Environmental Solutions for British Columbia’s LCFS Participants
The British Columbia low carbon fuel standard (BC LCFS) represents a beacon of change within the Canadian transportation sector. Comprising two key legislations – the Greenhouse Gas Reduction Act and the Renewable & Low Carbon Fuel Requirements Regulation – the BC LCFS is steering the province towards a low-carbon future.
As a leading provider of renewable fuels and environmental solutions, Targray recognizes that BC LCFS isn’t just a regulation; it’s an opportunity to enhance environmental stewardship while unlocking financial incentives. Together with partners, we navigate the BC LCFS landscape, turning regulatory challenges into avenues of growth, innovation, and positive change.
BC LCFS: A Blueprint for Emission Reduction
Established in 2008 and fully implemented by 2013, the BC LCFS stands as an embodiment of British Columbia’s commitment to reducing transportation-related emissions. Anchored by two pivotal legislations—the Greenhouse Gas Reduction Act and the Renewable & Low Carbon Fuel Requirements Regulation—this multifaceted standard orchestrates a transformative shift by incentivizing the adoption of low-carbon alternative fuels.
At the heart of BC LCFS lies a bold commitment to emission reduction. As of 2020, fuel suppliers operating within British Columbia are mandated to achieve an annual reduction of 1.09% in the carbon intensity (CI) scores of their fuels. These incremental percentages, compounding over time, promise a substantial reduction of 20% in emissions by 2030—measured against a 2010 baseline. A profound shift is also heralded by the program’s directive to maintain a minimum renewable content of 5% for gasoline and 4% for diesel, catalyzing a paradigm shift towards reduced fossil fuel dependence.
Navigating BC LCFS: Addressing Key Inquiries
- Defining Fuel Suppliers: Central to BC LCFS is the concept of fuel suppliers—entities engaged in the import or manufacture of fuels within British Columbia, whether renewable or fossil-based. Compliance pivots on whether a fuel’s carbon intensity (CI) score aligns with program targets. Surpassing the target yields credit surpluses, while falling short results in credit deficits. However, exemptions exist for qualifying parties.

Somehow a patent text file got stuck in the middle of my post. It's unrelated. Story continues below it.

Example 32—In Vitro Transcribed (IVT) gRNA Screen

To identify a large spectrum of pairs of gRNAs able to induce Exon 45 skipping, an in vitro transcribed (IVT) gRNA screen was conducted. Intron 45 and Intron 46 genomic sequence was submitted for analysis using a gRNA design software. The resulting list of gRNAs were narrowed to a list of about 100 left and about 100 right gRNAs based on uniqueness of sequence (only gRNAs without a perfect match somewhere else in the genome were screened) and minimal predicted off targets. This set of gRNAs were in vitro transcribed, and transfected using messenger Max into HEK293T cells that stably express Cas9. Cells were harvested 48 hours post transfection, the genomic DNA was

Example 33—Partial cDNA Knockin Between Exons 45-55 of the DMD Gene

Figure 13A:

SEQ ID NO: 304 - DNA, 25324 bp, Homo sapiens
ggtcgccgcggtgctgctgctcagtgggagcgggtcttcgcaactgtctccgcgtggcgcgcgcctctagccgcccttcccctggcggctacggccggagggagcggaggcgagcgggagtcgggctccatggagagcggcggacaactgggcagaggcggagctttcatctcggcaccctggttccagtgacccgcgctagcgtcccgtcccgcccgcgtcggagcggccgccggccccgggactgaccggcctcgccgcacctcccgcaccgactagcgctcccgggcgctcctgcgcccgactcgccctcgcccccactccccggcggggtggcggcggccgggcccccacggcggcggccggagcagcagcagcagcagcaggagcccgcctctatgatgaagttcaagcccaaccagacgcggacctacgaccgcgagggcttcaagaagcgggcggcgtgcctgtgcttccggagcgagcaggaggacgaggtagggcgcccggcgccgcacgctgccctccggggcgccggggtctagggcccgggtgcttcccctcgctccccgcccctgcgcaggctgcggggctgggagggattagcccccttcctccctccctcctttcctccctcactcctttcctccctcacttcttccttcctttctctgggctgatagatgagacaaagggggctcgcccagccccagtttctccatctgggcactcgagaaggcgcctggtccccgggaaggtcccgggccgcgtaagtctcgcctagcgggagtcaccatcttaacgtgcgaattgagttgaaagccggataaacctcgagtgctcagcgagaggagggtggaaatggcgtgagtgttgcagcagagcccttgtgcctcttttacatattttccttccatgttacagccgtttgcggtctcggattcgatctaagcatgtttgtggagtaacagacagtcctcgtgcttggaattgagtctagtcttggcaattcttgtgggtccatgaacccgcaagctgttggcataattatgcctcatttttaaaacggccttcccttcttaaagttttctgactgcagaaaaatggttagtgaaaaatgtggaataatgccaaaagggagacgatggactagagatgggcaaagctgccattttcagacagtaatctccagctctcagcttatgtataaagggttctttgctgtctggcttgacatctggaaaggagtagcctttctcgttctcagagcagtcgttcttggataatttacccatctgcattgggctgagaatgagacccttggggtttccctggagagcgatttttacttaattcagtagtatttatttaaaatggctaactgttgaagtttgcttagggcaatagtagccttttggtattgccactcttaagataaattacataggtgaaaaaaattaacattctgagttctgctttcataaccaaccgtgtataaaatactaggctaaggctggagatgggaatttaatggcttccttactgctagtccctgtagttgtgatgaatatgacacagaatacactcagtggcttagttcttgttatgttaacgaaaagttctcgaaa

- Exemptions and Thresholds: The realm of BC LCFS is pragmatic, offering exemptions that evolve with time. For instance, entities supplying less than 25 million liters (~6.6 million gallons) of fuel are exempt in the 2021 compliance year. A strategic progression sees this threshold reduced to 200,000 liters (~52,834 gallons) from 2022 onward, marking a concerted push towards enhanced emission reduction strategies.
- Part 3 Fuels and Agreements: BC LCFS classifies fuels based on composition, with Part 3 fuels at the forefront. These fuels—spanning CNG, LNG, electric, hydrogen, ethanol, biodiesel, and propane—harbor the potential for emission reduction and generate financial credits within the program. Part 3 Agreements forge a bond between fuel suppliers and emission reduction commitments, culminating in clean fuel credits that offset deficits or fuel trading.
- Valuing Part 3 Credits: The economic dimension of BC LCFS is encapsulated by the upward trajectory of credit prices. This trend, witnessed since 2015, denotes a burgeoning market for clean fuel suppliers. Prices have surged by almost 250%, reflecting an escalating demand for credits to address fuel carbon intensity deficits.